All good things must come to an end however and the time to head for home came much too soon. The ride back was fairly uneventful, although I was asked to slow down so that we could all "enjoy the scenery." Somewhere along the way, a sign advertising the Seneca Caves appeared. Caves, in Northern Ohio? Let's check this out!
We followed the signs to a parking lot at the back of what looked like a typical old farm house. The back porch led inside to a ticket sales and souvenir shop where we purchased tickets to see the Caves. (Notice I haven't used the term Cavern, this is after all, Northern Ohio!) Our first clue that trouble was afoot was the statement on the part of our guide that "some parts of the Cave are pretty tight and some folks might find it a little difficult to negotiate." This tidbit was delivered while staring straight at our Harley traveling companions. (Mr. Harley goes about 280 and his wife, Mrs. Harley, can pick up a Harley motor without even grunting.)
Since no one knew what "negotiate" meant, we forged ahead.. uh, down that is. Now, I've been in caves in Kentucky, West Virginia, South Dakota, wherever. They all have one thing in common; you can usually stroll around on walkways meant for tourists and folks not usually prepared for spelunking. (That's cave exploring for the uninitiated.)
Well, this particular cave is in more or less the same condition as when it was discovered. There are no walkways and the "path" is more or less straight down! As it descends it becomes alarmingly narrower and narrower. At least they had the foresight to provide lights to see where one was going to bash one's head in the narrow, low, vertical passage ways.
After what seemed like a descent into the bowels of the earth, our guide announced that we now were at the lowest point in the cave that one could negotiate without additional equipment. (Ah, so that's what we were doing, negotiating!) Anyway, at this point we started back up to the surface and proceeded to climb the 12 to 24 inch "steps" that were hacked into the surrounding rock. Shortly after the ascent began, I heard an odd sounding pop accompanied by a grunt of pain behind me. I turned around to see Mrs. Harley's face distorted in pain. (Well, she was in pain, the distortion was purely subjective.)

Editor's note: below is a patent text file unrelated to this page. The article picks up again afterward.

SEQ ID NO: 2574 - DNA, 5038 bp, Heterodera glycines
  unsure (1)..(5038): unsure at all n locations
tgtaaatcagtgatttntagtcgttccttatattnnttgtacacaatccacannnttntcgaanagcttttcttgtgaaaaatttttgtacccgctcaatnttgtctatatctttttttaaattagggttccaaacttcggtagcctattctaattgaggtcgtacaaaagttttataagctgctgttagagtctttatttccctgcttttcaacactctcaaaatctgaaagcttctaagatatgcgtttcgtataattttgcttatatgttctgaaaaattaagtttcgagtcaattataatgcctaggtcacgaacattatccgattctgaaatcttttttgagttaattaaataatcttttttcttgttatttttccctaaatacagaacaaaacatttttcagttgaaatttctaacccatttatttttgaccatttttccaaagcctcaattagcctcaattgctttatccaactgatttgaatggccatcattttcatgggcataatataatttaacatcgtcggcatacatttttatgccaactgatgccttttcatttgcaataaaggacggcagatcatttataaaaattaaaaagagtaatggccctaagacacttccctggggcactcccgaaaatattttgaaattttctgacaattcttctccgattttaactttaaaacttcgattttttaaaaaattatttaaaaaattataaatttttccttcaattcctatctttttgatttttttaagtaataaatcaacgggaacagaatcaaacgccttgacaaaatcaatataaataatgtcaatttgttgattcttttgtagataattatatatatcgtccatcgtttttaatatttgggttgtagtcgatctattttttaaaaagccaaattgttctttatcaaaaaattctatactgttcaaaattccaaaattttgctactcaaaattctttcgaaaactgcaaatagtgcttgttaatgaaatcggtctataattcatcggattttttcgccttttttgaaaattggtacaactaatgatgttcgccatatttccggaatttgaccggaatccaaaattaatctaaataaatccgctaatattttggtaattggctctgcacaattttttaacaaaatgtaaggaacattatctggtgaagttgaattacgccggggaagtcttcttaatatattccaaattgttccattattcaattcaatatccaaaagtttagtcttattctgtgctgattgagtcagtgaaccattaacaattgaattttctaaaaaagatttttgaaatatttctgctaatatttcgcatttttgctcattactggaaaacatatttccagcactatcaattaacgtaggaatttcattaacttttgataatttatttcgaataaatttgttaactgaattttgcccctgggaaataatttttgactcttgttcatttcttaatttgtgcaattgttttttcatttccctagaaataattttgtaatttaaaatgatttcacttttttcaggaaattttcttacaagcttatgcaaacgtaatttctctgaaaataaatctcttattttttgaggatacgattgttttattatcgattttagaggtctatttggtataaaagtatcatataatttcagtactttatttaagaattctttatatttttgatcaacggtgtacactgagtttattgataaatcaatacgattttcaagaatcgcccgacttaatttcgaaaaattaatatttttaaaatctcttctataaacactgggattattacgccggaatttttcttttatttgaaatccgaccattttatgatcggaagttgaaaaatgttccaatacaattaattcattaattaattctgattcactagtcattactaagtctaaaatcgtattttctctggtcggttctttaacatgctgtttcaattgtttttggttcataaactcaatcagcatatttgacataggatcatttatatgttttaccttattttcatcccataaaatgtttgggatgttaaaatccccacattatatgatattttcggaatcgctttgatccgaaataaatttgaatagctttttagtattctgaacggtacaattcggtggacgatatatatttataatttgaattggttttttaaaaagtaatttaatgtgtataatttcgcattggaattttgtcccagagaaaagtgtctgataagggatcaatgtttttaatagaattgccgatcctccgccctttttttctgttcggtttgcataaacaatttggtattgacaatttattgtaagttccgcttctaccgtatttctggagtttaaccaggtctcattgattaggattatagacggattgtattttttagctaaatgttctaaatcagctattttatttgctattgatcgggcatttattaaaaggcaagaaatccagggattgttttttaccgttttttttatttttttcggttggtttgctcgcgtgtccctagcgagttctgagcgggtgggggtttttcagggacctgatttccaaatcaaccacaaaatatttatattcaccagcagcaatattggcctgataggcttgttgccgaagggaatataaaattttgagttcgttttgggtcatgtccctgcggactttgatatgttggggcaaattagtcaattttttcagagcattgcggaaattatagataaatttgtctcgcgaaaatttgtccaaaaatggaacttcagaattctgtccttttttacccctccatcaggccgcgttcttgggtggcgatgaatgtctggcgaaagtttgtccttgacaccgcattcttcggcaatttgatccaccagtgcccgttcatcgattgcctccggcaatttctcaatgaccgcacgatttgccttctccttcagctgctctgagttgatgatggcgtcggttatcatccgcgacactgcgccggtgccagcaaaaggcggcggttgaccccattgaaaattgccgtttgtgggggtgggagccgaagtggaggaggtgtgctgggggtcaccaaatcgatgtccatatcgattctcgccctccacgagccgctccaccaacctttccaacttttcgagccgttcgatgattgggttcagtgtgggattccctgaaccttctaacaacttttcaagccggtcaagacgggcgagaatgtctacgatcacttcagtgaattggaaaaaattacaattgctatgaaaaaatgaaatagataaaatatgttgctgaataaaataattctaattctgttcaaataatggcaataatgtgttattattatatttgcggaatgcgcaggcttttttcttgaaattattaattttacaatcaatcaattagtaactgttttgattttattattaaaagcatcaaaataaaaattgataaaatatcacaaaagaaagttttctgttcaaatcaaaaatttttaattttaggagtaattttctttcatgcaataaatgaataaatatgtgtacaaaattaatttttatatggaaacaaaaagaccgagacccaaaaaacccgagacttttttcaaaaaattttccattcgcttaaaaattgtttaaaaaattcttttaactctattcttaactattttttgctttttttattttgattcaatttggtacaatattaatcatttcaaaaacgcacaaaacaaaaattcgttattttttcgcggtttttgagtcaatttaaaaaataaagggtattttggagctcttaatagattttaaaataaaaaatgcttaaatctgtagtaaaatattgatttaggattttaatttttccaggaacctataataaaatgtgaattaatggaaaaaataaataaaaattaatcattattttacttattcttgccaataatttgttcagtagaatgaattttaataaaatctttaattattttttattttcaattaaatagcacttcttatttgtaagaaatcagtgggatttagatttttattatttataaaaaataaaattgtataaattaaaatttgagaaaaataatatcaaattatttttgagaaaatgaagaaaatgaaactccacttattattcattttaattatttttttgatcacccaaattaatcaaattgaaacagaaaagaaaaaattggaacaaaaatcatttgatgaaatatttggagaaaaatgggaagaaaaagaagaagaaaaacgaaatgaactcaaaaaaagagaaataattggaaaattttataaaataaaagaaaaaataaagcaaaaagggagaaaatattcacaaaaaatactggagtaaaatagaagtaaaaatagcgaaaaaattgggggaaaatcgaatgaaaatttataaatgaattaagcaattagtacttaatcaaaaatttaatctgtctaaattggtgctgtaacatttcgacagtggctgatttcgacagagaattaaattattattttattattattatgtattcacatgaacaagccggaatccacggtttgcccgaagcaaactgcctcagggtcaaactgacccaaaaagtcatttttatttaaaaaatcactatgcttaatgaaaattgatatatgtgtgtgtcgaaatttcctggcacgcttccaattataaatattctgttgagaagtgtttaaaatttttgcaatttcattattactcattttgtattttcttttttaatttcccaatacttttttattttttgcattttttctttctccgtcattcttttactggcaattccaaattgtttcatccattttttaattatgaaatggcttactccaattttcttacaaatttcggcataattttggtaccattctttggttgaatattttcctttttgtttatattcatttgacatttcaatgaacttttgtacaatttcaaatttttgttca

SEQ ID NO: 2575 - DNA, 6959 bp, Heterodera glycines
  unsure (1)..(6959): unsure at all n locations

"My knee, my knee, it popped!", she exclaimed.
"No S---", says I. "I heard it from over here!", says I again.
"Now what?", says I yet again.
Mr. Harley says to Mrs. Harley, "Damn, I told you this would happen!" (He knew her knees were weak? She knew her knees were weak?) This was delivered with much huffing and panting as Mr. Harley was feeling the effects of descending several hundred feet into the Northern Ohio country side.
"So! Now what?", says I again.
"Well" says Mr. Harley. "You are going to
have to help her up to the top as I can hardly get my own A-- up these rocks!"
Let me set this scene a little more closely here. We are approximately 1 mile below ground level (or so it seemed). Wedged into impossibly tight, vertical passages. I weigh approximately 150 pounds and stand 5' 9". Mrs. Harley also stands about 5' 9" but weighs in at about 220 give or take a leather garment or two. Somehow, I am going to "help" this woman, whom by the way can pick me up under one arm just for fun, get topside. Sure...
How about I get topside and we lower a rope and just haul her out with a DERRICK! Of course, out of politeness and self preservation, I didn't voice this particular sentiment. Somehow, we managed to maneuver enough to where Mrs. Harley could get her arm around my shoulders and we proceeded to climb to safety. My wife later claimed that the two of us looked like some grotesque eight limbed subterranean creature from a 1950's sci-fi movie. Believe me, I felt like an alien had me by the neck!
Anyway, after what seemed like hours of climbing (probably only 30 minutes) we emerged into daylight and general applause. Not sure who they were applauding, Mrs. Harley for making it out of there, or me for the rescue job. At that point I didn't much care, I just needed to try and recover the feeling and function in my rubberized legs before I attempted to get on the Venture and ride again. Fortunately, Mrs. Harley had ridden on the same bike with Mr. Harley because her knee was totally incapable of holding her upright, let alone her 800 pound Hog. Their riding position going home was kind of interesting. We sort of lifted her into place on the back of the Hog and she propped the defective right leg up on top of the crash bar at the front of the bike. It looked a little kinky, but who was going to bring it up?
The rest of the trip home was sort of an anticlimax. It was shortly after this "event" that we returned to "solo" trips. We'll leave the group riding to folks with a more "group" mind set thankyouverymuch.
you, Jay! I enjoyed these stories very much. Jay has set a new
standard for stories on this site, you have your goal now let's hear your
encounters with the Faithful sheep! - BE